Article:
EFFECTS OF CLEAR AND TINTED FOOTBALL VISORS ON AGILITY AND FUNCTIONAL REACTIVE ABILITY IN NCAA FOOTBALL PLAYERS
Gracie Robbins, Shelby Tidwell, Rebecca R. Rogers, Nathan East, Amanda Dumar, Ashleigh Davis, Ashley Rice, Christopher G. Ballmann, FACSM. Samford University, Birmingham, AL.
BACKGROUND: Football helmet visors have been added as safety accessories to helmet facemasks in efforts to mitigate ocular injury. Recent rule changes have banned tinted visors while clear visors are generally accepted as legal. We have previously shown that dark tinted helmet visors impair peripheral visuomotor ability in collegiate players. However, athletes were stationary when completing reaction time tests which may not translate to actual gameplay. PURPOSE: The purpose of this study was to identify how clear and tinted visors influence agility and functional reactive ability in NCAA football players. METHODS: Division 1 NCAA football players with normal/corrected to normal vision participated. In a randomized manner, participants completed reactive tests for the following conditions: Baseline/no helmet (BL), Helmet + Clear visor (HCV), Helmet + Smoke tinted visor (HSV), Helmet + Mirrored visor (HMV). For each condition, participants completed two reactive tests using a FITLIGHT trainer system: reactive reach test (RRT) and reactive step test (RST). For the RRT, 5 poles equipped with a total of 10 LED sensors were placed in a semi-circle 1 meter around a center point. Participants were asked to step and reach to hit 10 lights with their hands as fast as possible. For the RST, 5 LED sensors were place on the ground in a semi-circle pattern 1 meter around a center point. Participants were asked to step and hit each sensor with their foot to hit 5 lights as fast as possible. Each reactive test was repeated for a total of 3 attempts. Average reaction time and time to test completion (TTC) were analyzed and compared between visor conditions. RESULTS:HCV (p< 0.001), HSV (p< 0.001), and HMV (p<0.001) conditions resulted in slower reaction time during RRT compared to BL. TTC was significantly increased during the HCV (p< 0.001), HSV (p< 0.001), and HMV (p<0.001) conditions versus BL. However, no differences existed between visor conditions (p> 0.05). For the RST, reaction time was slower during HCV (p= 0.028), HSV (p= 0.038), and HMV (p= 0.017) conditions versus BL. TTC was significantly higher during the HCV (p= 0.010), HSV (p= 0.009), and HMV (p=0.007) versus BL. No differences existed between facemask conditions (p> 0.05). CONCLUSIONS: Regardless of visor condition, wearing a football helmet impaired functional reactive ability and agility performance. However, visor tint did not exacerbate functional reactive ability. These findings highlight the need for new helmet designs which may not obstruct lines of sight to maintain player safety and performance in collegiate football players.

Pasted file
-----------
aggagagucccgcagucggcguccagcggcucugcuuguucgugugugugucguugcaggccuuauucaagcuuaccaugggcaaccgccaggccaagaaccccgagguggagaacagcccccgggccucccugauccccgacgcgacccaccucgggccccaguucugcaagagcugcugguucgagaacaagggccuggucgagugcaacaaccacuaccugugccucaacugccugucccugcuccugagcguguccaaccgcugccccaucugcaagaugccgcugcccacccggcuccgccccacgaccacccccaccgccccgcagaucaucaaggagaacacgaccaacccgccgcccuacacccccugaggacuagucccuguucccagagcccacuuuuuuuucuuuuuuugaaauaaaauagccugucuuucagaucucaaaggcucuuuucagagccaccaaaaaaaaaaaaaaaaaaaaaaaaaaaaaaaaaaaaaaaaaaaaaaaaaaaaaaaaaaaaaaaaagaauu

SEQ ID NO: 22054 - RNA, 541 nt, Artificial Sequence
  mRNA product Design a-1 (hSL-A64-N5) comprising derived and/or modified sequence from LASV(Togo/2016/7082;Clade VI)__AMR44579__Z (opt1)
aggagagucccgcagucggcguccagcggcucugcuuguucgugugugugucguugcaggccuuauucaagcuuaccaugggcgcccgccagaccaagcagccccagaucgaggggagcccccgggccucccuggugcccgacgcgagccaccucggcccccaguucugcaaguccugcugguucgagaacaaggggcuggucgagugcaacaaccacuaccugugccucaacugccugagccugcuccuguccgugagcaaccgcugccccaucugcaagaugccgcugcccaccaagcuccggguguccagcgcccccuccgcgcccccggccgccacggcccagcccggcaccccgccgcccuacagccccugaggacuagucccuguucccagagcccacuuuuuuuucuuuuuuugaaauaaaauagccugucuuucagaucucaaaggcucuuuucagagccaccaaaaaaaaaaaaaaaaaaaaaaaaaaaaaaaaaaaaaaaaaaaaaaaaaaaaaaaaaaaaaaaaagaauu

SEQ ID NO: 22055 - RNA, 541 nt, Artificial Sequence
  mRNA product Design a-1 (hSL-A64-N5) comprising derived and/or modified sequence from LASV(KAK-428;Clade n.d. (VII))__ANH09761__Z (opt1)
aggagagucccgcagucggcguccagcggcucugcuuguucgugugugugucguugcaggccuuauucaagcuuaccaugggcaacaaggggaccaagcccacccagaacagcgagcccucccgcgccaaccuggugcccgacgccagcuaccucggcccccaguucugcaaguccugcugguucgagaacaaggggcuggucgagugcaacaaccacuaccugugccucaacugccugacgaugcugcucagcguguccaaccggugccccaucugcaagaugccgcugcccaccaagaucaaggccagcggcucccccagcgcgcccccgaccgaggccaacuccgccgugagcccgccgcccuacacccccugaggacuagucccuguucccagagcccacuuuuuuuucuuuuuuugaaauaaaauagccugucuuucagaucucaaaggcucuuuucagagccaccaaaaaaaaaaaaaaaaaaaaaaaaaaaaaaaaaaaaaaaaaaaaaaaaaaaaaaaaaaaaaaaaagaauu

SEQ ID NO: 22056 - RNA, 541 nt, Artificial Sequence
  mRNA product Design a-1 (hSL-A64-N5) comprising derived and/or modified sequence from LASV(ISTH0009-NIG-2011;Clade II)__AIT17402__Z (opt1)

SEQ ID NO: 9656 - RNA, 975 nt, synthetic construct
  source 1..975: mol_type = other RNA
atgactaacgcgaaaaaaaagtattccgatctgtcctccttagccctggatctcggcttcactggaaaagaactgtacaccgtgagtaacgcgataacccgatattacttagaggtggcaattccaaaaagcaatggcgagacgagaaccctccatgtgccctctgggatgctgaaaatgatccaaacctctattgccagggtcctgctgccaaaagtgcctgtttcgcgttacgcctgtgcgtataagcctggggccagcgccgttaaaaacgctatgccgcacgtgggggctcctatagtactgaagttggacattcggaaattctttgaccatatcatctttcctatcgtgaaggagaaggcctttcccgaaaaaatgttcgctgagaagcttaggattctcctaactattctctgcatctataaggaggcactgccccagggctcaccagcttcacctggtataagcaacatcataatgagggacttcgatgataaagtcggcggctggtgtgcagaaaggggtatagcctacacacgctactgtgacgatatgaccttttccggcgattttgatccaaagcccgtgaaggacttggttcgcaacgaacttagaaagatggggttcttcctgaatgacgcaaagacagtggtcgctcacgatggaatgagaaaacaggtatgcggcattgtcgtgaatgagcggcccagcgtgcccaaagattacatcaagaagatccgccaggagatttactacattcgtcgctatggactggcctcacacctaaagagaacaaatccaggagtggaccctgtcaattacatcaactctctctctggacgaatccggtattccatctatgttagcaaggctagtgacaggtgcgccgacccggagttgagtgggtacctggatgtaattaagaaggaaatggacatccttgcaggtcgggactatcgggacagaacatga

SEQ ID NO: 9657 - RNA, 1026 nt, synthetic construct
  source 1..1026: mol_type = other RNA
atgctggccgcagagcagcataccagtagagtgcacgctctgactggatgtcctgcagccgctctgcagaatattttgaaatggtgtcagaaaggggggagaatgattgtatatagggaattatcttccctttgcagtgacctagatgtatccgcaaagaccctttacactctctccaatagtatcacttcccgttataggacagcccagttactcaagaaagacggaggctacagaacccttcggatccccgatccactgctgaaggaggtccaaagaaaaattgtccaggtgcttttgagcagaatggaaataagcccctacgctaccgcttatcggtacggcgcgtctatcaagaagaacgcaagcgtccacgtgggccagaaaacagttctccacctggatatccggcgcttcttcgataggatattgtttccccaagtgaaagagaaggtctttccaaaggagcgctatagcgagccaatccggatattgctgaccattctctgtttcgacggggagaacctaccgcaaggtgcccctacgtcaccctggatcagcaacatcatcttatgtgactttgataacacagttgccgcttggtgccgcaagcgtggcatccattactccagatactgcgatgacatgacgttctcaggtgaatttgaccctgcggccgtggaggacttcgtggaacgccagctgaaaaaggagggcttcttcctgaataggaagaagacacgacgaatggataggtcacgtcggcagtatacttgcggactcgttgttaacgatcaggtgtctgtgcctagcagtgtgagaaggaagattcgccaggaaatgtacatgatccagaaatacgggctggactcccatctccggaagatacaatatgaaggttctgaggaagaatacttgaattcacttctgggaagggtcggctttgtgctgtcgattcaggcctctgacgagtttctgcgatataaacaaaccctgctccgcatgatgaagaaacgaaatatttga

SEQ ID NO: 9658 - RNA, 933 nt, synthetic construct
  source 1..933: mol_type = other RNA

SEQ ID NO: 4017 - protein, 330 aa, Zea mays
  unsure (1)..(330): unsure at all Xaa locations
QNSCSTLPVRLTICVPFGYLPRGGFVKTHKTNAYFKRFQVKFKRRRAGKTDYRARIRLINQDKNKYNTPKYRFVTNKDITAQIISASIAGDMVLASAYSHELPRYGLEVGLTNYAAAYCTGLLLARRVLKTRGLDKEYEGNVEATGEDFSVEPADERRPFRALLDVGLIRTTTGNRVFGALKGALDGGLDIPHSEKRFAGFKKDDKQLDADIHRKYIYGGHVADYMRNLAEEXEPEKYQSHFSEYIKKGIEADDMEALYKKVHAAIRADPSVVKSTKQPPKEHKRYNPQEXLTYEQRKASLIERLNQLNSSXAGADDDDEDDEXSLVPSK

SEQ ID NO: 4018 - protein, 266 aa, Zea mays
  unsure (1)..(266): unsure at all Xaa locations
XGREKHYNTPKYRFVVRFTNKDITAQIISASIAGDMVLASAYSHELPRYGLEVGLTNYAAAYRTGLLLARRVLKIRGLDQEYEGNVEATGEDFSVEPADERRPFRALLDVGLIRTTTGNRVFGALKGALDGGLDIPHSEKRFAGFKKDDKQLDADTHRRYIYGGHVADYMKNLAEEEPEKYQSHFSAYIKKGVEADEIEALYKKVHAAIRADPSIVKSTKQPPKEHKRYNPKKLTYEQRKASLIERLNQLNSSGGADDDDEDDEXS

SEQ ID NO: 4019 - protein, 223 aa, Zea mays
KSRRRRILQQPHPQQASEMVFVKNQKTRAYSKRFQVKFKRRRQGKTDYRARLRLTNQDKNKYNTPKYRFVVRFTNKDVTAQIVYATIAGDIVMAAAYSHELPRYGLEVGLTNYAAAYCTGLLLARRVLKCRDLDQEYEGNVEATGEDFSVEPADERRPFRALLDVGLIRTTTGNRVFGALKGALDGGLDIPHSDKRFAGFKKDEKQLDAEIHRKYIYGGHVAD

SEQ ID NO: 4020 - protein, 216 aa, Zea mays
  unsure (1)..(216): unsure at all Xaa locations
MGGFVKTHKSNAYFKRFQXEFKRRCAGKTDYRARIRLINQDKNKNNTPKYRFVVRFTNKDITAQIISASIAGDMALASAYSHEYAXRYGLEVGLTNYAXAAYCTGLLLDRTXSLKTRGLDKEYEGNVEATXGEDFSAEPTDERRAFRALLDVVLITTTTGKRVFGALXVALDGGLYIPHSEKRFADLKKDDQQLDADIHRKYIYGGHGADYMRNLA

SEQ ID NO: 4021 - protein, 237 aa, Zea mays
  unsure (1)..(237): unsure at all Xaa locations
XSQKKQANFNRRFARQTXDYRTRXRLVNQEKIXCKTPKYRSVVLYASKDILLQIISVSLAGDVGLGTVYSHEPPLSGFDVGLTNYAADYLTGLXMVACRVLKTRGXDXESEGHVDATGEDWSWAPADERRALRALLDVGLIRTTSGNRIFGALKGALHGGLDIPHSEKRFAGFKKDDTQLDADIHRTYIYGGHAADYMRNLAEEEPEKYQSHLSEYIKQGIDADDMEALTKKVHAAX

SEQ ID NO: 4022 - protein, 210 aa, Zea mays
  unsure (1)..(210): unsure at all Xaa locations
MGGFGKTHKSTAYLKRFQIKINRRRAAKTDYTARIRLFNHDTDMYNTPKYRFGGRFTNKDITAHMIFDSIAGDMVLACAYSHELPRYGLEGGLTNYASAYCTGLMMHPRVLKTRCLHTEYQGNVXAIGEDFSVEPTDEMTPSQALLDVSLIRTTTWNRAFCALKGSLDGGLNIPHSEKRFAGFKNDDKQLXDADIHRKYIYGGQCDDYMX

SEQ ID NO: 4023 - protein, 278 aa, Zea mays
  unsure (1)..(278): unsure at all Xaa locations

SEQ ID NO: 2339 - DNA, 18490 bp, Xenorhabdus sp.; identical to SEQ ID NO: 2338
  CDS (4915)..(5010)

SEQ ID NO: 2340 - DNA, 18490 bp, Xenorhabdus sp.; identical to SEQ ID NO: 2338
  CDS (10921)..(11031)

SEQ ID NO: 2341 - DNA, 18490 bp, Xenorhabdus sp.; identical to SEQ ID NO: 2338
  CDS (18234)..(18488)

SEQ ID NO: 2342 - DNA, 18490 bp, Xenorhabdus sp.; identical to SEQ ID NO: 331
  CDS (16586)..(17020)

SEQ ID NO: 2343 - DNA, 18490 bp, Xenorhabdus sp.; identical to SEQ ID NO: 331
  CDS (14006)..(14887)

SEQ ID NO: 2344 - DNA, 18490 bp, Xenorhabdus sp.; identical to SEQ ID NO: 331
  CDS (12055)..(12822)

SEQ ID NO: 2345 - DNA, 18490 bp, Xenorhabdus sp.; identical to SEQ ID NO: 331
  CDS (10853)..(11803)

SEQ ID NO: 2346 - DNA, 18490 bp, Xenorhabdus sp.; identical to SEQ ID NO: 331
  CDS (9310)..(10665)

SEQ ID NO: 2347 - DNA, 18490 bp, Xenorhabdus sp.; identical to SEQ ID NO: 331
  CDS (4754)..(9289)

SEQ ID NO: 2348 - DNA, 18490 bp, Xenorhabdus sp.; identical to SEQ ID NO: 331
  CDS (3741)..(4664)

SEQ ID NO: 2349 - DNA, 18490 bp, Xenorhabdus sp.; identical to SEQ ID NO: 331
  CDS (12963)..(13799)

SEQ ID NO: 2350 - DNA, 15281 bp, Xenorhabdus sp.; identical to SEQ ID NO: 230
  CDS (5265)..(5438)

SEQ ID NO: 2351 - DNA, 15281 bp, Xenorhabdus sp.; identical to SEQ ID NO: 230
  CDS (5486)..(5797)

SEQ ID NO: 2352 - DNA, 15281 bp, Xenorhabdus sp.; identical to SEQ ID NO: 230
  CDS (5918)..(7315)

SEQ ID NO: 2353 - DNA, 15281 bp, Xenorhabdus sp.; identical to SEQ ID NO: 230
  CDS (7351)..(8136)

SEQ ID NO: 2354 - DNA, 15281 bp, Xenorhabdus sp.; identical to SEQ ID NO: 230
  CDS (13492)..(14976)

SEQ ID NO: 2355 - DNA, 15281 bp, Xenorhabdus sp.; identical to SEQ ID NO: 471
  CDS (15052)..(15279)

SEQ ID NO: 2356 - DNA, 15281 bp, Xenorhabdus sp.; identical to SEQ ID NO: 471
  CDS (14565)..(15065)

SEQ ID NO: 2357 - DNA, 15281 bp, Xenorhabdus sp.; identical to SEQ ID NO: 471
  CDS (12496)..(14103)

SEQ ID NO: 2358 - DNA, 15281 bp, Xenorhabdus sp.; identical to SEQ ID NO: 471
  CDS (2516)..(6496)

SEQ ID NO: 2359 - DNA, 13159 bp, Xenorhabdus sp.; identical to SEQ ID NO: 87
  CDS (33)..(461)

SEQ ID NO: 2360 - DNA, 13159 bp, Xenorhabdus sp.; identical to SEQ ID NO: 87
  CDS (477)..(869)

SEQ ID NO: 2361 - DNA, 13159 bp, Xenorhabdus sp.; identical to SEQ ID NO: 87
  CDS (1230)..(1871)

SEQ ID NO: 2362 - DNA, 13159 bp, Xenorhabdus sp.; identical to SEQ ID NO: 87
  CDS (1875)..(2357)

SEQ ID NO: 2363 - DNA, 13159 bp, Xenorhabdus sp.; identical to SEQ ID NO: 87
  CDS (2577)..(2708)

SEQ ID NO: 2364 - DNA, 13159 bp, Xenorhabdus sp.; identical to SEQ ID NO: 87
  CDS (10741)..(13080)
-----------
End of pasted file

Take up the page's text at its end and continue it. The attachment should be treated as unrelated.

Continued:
Robbins, G; Tidwell, S; Rogers, RR; East, N; Dumar, A; Davis, A; Rice, A; and Ballmann, FACSM, CG
"EFFECTS OF CLEAR AND TINTED FOOTBALL VISORS ON AGILITY AND FUNCTIONAL REACTIVE ABILITY IN NCAA FOOTBALL PLAYERS,"
International Journal of Exercise Science: Conference Proceedings: Vol. 16:
1, Article 232.
Available at: https://digitalcommons.wku.edu/ijesab/vol16/iss1/232